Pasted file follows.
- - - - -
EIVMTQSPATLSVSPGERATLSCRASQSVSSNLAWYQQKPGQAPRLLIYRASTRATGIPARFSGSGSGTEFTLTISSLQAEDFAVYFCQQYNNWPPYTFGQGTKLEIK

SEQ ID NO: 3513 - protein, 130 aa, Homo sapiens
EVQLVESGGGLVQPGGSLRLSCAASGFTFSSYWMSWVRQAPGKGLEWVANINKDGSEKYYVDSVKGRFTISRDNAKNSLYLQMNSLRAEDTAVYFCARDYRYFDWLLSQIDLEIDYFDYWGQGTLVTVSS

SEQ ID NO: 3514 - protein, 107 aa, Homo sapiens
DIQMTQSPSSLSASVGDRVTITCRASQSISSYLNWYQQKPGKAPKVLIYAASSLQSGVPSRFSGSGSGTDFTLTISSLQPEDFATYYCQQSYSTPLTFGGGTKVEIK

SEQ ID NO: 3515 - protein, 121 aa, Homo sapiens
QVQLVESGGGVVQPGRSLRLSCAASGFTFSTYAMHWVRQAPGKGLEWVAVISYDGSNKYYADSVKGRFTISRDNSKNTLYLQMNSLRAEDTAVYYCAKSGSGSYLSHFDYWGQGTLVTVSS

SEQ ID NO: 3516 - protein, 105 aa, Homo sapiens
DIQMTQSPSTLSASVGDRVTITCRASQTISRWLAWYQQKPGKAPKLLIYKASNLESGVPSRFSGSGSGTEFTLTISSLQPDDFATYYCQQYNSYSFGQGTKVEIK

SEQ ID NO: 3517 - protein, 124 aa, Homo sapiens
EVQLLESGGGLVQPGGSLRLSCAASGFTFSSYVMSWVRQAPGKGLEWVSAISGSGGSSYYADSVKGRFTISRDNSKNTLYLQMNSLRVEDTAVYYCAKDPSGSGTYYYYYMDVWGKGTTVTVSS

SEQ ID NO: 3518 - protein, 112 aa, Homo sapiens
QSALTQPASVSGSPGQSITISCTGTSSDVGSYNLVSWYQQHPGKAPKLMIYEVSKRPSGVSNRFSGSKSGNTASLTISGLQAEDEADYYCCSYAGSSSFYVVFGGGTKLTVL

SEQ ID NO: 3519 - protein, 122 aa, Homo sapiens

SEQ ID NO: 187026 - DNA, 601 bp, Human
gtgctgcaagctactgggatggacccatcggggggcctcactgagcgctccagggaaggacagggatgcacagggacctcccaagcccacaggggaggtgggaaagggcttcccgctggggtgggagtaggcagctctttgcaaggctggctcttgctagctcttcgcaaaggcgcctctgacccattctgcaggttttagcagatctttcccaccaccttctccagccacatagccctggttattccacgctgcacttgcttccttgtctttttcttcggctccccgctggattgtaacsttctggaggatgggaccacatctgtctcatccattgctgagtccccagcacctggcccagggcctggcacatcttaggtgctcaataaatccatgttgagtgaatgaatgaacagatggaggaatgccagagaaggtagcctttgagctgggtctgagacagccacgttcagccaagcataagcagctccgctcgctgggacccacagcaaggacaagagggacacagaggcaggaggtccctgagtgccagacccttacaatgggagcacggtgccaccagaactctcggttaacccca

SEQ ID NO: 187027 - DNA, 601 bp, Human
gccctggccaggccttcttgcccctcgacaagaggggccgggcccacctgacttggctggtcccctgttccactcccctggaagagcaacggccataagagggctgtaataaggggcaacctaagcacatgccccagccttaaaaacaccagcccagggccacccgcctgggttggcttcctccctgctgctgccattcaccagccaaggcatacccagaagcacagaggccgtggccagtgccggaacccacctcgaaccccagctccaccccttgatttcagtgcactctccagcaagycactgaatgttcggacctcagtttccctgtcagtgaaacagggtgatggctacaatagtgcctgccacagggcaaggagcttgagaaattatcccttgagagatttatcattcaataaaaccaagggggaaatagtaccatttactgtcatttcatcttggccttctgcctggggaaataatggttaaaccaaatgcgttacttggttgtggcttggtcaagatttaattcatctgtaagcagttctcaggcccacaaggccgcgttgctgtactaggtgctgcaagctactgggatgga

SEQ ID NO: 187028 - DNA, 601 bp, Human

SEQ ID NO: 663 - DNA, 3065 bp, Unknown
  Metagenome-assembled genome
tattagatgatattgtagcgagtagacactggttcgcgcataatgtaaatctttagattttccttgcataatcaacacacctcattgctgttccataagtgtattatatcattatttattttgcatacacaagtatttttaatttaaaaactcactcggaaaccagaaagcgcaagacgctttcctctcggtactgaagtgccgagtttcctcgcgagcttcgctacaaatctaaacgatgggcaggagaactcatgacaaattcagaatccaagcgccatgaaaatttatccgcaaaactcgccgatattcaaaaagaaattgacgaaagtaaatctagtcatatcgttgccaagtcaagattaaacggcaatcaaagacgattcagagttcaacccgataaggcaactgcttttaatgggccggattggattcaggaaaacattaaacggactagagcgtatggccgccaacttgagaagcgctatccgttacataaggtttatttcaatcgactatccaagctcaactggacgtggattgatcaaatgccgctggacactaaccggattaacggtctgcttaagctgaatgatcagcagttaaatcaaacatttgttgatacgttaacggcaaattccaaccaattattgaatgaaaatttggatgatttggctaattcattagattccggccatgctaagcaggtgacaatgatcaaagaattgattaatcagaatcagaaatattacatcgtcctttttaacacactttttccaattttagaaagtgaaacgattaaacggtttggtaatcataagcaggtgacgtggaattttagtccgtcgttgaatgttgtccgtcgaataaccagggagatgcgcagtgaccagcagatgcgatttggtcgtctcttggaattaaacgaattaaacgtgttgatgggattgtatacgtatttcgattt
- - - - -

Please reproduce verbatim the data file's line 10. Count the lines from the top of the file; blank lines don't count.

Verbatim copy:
SEQ ID NO: 3517 - protein, 124 aa, Homo sapiens